Friday, July 14, 2017

{SQT} The Firstborn Returns

Watching the clock: I'm 35 weeks' tomorrow . . . 

1. Baby Shower Breakfast

A dear friend who believes subsequent babies deserve a baby shower as much as the first one organized a little breakfast for me. I was just tickled to have breakfast at a restaurant with some gal pals, which was especially refreshing seven days into eleven days of solo parenting! (I hired a babysitter for my tykes that morning--the only few hours I was off duty the whole time.)

It was an absolutely beautiful meditation for me to look around the table at 8 ladies who have cumulatively 47 children (plus two current pregnancies). All have intact, first marriages, most of which are 15-20 years in duration) and that isn't due to luck, romance, or sheer love-sweet-love because I've known these ladies for ten years and know of the major stressers in some of their lives, stress points that cause many couples these days to divorce. Their marriages are a testament to the Catholic teachings on marriage, the graces of the sacrament, and the obedience of the couples. So very beautiful and so much good fruit!

2. Summer Camp

John and Chris came home from the wilds of New Hampshire! Please check out my blog post about summer camp by clicking here.

3. Starting to Crack Up

I surprised my own self by how well I parented for the first six days of solo parenting--patient, kind, with such low expectations of relaxed summer days--but Chris was gone a total of eleven days and I did start to crack up and lose my temper. The turning point was one particular No Good, Overwhelming Day, which I describe below (from a cooler, calmer place) and which I trust will cause my reader to understand why this 34-week pregnant mama temporarily lost her mind.

One morning, dawning bright and beautiful, the children begged to play outside before breakfast. I rarely say yes to this frequent request but hey, it's summer, now is the time of day when it's cool, sure! I'm a good mom!

Note that the kids had already spent significant time that morning being mischievous and receiving consequences from me--time I had to sit and supervise--so I thought getting outside might get their wigglies out.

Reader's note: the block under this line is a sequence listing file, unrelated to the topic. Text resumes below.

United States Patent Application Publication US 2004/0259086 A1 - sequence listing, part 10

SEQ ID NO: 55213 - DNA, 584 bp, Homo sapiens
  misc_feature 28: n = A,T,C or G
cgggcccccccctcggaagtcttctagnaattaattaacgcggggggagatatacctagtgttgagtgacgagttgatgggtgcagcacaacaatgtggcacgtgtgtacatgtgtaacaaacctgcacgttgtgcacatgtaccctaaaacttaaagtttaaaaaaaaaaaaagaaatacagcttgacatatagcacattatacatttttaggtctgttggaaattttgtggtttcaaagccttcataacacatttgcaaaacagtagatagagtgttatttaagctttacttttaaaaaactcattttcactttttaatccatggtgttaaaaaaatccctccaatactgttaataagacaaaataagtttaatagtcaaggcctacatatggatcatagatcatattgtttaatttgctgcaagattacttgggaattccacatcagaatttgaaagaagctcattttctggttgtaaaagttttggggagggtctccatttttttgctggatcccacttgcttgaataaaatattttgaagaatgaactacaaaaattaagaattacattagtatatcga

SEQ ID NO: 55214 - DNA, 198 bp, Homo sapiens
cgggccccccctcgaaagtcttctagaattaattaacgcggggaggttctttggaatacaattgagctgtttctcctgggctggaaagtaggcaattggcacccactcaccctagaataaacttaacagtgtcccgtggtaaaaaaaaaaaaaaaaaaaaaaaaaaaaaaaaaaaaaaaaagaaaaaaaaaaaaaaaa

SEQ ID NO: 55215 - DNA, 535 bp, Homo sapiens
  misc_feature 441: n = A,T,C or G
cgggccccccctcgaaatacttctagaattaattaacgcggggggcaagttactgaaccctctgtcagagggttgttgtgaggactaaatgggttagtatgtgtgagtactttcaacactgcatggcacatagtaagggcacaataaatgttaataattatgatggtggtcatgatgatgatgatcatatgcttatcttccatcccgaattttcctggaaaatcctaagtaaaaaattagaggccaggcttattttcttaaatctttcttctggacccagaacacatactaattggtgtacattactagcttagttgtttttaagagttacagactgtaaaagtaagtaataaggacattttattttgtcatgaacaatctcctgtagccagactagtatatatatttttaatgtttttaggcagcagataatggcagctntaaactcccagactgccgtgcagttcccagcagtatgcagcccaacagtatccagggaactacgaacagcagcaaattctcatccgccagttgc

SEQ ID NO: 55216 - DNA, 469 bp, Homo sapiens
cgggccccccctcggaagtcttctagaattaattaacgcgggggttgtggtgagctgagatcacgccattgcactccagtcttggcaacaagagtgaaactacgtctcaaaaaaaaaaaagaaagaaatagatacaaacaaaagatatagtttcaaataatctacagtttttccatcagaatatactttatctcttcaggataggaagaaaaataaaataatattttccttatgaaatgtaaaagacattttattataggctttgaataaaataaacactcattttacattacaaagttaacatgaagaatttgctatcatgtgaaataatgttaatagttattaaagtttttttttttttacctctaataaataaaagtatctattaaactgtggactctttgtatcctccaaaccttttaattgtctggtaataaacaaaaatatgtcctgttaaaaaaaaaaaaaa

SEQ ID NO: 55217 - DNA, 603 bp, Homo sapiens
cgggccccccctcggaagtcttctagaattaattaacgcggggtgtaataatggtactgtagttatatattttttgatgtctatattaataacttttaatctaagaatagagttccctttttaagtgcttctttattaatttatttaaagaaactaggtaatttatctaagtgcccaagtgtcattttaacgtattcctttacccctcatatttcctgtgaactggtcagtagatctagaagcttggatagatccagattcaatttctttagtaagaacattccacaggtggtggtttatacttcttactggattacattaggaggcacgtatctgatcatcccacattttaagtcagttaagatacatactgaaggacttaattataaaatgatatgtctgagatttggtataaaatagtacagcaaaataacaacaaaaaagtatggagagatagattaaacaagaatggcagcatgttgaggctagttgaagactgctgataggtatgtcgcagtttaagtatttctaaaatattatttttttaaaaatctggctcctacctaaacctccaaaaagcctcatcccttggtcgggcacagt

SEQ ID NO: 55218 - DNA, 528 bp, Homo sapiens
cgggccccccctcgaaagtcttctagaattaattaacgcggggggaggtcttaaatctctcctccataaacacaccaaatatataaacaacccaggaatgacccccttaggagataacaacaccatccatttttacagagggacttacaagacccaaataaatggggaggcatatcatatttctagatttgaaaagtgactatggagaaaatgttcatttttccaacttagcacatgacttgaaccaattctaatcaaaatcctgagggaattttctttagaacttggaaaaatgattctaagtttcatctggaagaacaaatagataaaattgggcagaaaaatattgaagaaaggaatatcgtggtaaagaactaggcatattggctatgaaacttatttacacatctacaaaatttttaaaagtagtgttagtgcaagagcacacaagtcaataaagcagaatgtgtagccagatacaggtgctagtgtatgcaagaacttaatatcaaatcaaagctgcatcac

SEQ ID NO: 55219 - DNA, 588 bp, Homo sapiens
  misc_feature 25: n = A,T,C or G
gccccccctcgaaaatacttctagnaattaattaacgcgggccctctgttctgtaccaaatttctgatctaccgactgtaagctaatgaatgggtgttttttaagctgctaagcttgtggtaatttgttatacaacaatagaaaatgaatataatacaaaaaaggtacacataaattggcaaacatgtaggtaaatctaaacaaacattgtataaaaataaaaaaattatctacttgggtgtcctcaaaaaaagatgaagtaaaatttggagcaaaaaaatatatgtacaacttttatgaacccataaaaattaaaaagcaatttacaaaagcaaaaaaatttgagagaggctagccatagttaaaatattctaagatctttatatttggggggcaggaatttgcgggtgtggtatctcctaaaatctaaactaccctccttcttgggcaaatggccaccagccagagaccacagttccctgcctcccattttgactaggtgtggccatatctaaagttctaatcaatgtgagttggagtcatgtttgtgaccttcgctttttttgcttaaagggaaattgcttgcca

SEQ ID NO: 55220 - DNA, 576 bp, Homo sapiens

Know that afternoon thunder and rain storms have graced our city almost daily for a month plus our sprinklers run early in the morning, so our backyard is a mud pit. If you wanted to have one of those mud race-and-obstacle courses, you could host it in our back yard.

Therefore, I told the kids they could play on the driveway without taking a single step off of it: ride bikes, roller skates, climb the trees, bounce balls, etc. This is a common instruction when it's muddy and they know it well.

Margaret and Mary can dress themselves, so they got out there first before I could. I was dressing the little boys. Then Joseph dashed out ahead of me by five minutes.

Thomas was so excited that I was taking him outside to play--since, at 23 months, he doesn't get to play outdoors unless I go supervise, and you can imagine how often this rotund, pregnant mama does that in 90-degree heat and oppressive humidity--but as soon as I got downstairs, the other kids presented themselves covered heavily in mud from head to toes. It was like they lay down and rolled around in it!

Because I have pregnancy brain (and other moms will know what I mean), it did not occur to me that, of course, I should have hosed them off outside first. Instead, I marched them through the house, upstairs to the bathroom.

It took me half an hour to clean them off. Mud got tracked through the house and bathroom on the brand newly cleaned floors. Baths were required. The caked tub had to be scrubbed out. I thought the clothing might be ruined by rinsing, spray stain remover, pre-soak, and extra rinse in the load did actually get the grime out. All the while, the toddler was justifiably weeping throughout because he was denied his play outdoors.

I was still recovering, now three hours having passed without this mama eating breakfast, when the boys busted into the pantry and stole and ate chocolate. More discipline was meted out.

That really was enough for my day. After breakfast and clean-up, I let the children go play in the Bonus Room where their toys are. I was working in the kitchen: the Bonus Room is just up the stairs, with no door or anything, so I can supervise by ear. They are all of ten feet away from me.

Joseph found two pounds of dried lentil beans--locked up and dedicated to a science kit I used years ago back when I actually did science experiments with my tiny tots--and proceeded to throw them like confetti over every square inch of the bonus room, which had just received its monthly vacuuming treatment two days prior. 

Please imagine the scene, if you will: all the bookshelves: filled with lentil beans; all open toy bins: filled with lentil beans; the wooden blocks: filled with lentil beans. Four hundred square feet covered in a patina of dried lentil beans. The horror, the horror . . . 

I had enough sanity left to march the two little boys to quiet/nap time (whose time it was anyway) so I could lay down and rest for an hour, as I knew I wouldn't hardly be able to see those lentil beans to clean them up for the RED I was seeing instead.